Community-acquired carriage and infections due to extended-spectrum beta-lactamase producing Enterobacteriaceae (ESBL-E) are increasing worldwide, resulting in increased morbidity, mortality and healthcare costs. The origins of community-acquired ESBL-E car- riage and infections remain unclear. Bean sprouts are a potential source of Enterobacteria- ceae for the community, as illustrated by outbreaks of pathogenic Enterobacteriaceae in the past. The current study focuses on contamination of retail bean sprouts with ESBL-E in the Netherlands. Of 131 bean sprout samples purchased between 2013 and 2016, 25 (19%) were contaminated with ESBL-E. The detected isolates were almost exclusively Klebsiella spp. and co-resistance to other antibiotics was observed frequently. Over time there was substantial genetic diversity between isolates. On the other hand, isolates from samples closely matched in time were frequently clonally related, indicative of batch contamination. Remarkably, no Escherichia coli was found. In conclusion, bean sprouts frequently harbor ESBL-E, which is a potential source for consumers.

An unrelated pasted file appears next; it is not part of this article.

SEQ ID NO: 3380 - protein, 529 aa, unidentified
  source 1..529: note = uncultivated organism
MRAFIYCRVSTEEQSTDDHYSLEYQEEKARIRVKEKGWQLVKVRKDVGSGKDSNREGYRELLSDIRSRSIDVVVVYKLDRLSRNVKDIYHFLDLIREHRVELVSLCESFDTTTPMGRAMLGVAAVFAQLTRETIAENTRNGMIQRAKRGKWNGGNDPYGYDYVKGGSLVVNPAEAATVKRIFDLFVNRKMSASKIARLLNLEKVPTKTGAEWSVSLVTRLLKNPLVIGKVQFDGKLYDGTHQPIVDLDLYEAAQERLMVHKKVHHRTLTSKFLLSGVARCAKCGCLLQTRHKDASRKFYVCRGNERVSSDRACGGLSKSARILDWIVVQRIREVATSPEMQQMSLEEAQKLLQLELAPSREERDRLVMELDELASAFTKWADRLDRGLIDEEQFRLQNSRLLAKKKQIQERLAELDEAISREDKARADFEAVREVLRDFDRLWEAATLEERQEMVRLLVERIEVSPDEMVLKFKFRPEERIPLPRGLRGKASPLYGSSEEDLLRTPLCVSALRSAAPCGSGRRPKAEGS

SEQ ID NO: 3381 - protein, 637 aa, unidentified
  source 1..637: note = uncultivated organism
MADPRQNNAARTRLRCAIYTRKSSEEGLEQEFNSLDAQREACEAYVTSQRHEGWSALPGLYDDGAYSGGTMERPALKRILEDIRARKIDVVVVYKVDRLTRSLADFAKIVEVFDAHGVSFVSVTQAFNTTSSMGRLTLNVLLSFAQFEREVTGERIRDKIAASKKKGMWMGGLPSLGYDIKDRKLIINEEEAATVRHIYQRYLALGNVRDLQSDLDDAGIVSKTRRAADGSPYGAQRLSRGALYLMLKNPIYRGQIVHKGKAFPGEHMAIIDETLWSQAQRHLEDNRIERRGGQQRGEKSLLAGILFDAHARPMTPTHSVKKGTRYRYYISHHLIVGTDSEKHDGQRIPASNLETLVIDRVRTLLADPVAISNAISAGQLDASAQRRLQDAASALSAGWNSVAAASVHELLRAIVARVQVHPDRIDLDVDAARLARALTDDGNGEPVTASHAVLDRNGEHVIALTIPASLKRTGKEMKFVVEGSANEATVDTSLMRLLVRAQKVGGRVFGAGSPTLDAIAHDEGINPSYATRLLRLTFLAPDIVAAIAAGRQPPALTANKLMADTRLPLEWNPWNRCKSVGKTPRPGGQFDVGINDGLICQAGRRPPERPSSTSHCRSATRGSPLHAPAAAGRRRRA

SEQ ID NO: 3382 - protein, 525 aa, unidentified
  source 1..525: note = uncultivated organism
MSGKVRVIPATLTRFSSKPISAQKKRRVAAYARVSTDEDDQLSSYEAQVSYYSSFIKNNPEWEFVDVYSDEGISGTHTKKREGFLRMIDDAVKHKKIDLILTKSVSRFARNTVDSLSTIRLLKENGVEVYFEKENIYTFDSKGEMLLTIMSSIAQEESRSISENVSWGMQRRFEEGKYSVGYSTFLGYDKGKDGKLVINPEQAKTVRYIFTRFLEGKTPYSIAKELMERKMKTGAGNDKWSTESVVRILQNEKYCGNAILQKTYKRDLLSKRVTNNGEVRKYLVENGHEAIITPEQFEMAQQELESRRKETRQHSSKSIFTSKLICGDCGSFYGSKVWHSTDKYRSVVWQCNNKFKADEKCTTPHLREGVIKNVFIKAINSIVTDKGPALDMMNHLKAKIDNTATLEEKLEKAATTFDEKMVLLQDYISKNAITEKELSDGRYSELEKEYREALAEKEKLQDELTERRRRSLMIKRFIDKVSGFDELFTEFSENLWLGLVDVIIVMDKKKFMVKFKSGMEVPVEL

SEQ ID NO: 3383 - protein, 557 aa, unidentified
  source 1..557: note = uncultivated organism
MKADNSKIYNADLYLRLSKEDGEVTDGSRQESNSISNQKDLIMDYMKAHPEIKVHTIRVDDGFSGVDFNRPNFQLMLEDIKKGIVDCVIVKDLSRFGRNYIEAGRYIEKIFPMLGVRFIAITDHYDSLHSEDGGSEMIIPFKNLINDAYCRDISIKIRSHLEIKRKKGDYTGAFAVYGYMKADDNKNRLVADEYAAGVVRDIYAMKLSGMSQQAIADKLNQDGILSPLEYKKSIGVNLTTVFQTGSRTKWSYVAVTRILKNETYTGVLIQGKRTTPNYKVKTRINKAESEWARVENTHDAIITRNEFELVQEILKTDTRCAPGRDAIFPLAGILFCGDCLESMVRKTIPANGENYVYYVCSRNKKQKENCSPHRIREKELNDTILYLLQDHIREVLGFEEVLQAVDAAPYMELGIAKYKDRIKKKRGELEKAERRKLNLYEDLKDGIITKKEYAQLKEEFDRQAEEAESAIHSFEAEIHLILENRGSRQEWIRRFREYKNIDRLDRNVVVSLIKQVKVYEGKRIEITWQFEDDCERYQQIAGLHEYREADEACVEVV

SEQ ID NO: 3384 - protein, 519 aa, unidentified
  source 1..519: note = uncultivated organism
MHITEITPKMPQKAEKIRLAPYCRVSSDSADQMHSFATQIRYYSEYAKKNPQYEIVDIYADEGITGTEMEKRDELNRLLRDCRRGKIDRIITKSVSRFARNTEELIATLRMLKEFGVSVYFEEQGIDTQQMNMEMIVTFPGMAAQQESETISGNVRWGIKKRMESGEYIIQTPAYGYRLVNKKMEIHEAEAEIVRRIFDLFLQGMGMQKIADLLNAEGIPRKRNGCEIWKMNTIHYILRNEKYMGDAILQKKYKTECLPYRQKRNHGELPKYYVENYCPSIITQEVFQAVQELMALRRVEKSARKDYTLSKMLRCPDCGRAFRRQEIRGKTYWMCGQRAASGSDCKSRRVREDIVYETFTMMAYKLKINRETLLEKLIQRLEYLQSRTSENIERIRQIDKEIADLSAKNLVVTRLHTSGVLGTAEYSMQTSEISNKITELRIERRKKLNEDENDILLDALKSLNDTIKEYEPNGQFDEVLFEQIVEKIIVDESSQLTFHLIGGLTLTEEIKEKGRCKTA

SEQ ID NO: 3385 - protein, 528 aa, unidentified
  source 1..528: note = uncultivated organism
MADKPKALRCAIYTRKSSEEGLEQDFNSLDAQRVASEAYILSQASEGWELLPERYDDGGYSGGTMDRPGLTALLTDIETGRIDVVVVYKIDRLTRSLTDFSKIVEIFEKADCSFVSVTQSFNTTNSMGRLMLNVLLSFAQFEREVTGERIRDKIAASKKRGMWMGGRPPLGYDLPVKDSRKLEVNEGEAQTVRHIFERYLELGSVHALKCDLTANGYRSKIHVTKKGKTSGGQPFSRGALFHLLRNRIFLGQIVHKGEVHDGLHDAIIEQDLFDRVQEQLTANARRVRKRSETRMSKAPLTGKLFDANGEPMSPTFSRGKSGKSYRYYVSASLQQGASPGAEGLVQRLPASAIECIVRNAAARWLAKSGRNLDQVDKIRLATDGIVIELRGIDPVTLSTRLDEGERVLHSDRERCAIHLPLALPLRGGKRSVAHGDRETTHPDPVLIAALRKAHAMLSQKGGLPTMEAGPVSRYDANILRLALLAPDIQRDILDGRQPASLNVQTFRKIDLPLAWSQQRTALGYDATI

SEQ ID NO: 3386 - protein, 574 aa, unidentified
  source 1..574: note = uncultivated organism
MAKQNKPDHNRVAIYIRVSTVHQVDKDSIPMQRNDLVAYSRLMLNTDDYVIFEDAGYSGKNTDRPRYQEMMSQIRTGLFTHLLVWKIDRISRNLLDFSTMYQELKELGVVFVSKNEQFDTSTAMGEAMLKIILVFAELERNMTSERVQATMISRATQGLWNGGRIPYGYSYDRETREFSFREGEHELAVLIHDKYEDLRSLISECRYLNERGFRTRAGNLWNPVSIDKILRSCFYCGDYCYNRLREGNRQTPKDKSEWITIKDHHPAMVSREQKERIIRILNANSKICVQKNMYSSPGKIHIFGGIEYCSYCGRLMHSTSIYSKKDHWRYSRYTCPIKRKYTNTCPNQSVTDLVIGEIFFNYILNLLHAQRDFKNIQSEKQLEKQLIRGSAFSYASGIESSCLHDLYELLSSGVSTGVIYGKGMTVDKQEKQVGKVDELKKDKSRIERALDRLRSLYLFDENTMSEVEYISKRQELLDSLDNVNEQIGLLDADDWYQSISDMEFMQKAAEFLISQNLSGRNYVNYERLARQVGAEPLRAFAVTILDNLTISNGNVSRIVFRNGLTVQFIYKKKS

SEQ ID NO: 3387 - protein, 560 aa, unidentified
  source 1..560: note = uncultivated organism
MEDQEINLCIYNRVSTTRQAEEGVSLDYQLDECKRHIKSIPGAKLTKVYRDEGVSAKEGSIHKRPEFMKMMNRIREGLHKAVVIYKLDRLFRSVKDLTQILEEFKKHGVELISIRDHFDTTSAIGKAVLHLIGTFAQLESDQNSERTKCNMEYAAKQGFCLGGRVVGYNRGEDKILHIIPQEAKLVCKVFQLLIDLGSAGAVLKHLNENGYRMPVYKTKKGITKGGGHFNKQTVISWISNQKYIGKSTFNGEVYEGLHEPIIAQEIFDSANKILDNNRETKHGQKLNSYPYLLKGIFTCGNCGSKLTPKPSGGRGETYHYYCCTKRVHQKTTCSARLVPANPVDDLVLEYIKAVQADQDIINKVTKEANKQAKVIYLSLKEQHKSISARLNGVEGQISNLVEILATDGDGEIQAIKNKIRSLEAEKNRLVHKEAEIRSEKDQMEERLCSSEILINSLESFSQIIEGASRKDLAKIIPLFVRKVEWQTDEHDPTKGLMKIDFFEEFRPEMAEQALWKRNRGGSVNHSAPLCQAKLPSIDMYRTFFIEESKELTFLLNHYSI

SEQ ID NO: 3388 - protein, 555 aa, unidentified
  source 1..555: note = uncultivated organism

authors: Pepijn Huizinga1,2*, Eefje Schrauwen3, Silvia Garc ́ıa-Cobos4, Ina Willemsen1,3, Carlo Verhulst1, Alexander W. Friedrich4, Paul H. M. Savelkoul5,6, John W. Rossen4, Jan Kluytmans1,7

klik hier voor volledige artikel, gepubliceerd in PLOS ONE August 30, 2018

1 Department of Infection Control, Amphia Hospital, Breda, the Netherlands, 2 Laboratory for Medical Microbiology and Immunology, Elisabeth-TweeSteden Hospital, Tilburg, the Netherlands, 3 Academy for Technology and Environmental Health, Avans University of Applied Sciences, Breda, the Netherlands,
4 University of Groningen, University Medical Center Groningen, Department of Medical Microbiology, Groningen, the Netherlands, 5 Maastricht University Medical Centre, Caphri School for Public Health and PrimaryCare,DepartmentofMedicalMicrobiology,Maastricht,theNetherlands,6 AmsterdamUniversity Medical Center, Vrije Universiteit Amsterdam, Department of Medical Microbiology & Infection Control, Amsterdam, the Netherlands, 7 Julius Center for Health Sciences and Primary Care, University Medical Center Utrecht, Utrecht University, Utrecht, the Netherlands

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